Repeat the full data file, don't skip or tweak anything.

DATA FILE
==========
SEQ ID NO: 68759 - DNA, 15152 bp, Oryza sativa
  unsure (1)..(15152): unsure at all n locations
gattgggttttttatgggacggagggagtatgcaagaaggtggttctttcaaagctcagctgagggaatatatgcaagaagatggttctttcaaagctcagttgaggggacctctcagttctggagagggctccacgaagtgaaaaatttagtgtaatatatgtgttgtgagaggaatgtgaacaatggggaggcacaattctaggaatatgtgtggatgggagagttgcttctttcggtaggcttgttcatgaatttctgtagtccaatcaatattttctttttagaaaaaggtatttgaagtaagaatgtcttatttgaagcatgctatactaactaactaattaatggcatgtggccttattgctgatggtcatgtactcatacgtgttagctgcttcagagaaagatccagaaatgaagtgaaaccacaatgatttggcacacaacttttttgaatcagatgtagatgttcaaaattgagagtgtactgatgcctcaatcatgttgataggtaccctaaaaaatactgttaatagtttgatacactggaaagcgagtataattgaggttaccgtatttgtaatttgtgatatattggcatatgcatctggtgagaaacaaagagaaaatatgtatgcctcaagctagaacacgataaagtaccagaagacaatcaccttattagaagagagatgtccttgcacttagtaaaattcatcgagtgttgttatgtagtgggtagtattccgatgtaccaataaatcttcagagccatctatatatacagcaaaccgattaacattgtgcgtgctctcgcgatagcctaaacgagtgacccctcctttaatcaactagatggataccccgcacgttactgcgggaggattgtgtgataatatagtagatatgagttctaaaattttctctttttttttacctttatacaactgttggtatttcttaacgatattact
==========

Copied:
SEQ ID NO: 68759 - DNA, 15152 bp, Oryza sativa
  unsure (1)..(15152): unsure at all n locations
gattgggttttttatgggacggagggagtatgcaagaaggtggttctttcaaagctcagctgagggaatatatgcaagaagatggttctttcaaagctcagttgaggggacctctcagttctggagagggctccacgaagtgaaaaatttagtgtaatatatgtgttgtgagaggaatgtgaacaatggggaggcacaattctaggaatatgtgtggatgggagagttgcttctttcggtaggcttgttcatgaatttctgtagtccaatcaatattttctttttagaaaaaggtatttgaagtaagaatgtcttatttgaagcatgctatactaactaactaattaatggcatgtggccttattgctgatggtcatgtactcatacgtgttagctgcttcagagaaagatccagaaatgaagtgaaaccacaatgatttggcacacaacttttttgaatcagatgtagatgttcaaaattgagagtgtactgatgcctcaatcatgttgataggtaccctaaaaaatactgttaatagtttgatacactggaaagcgagtataattgaggttaccgtatttgtaatttgtgatatattggcatatgcatctggtgagaaacaaagagaaaatatgtatgcctcaagctagaacacgataaagtaccagaagacaatcaccttattagaagagagatgtccttgcacttagtaaaattcatcgagtgttgttatgtagtgggtagtattccgatgtaccaataaatcttcagagccatctatatatacagcaaaccgattaacattgtgcgtgctctcgcgatagcctaaacgagtgacccctcctttaatcaactagatggataccccgcacgttactgcgggaggattgtgtgataatatagtagatatgagttctaaaattttctctttttttttacctttatacaactgttggtatttcttaacgatattact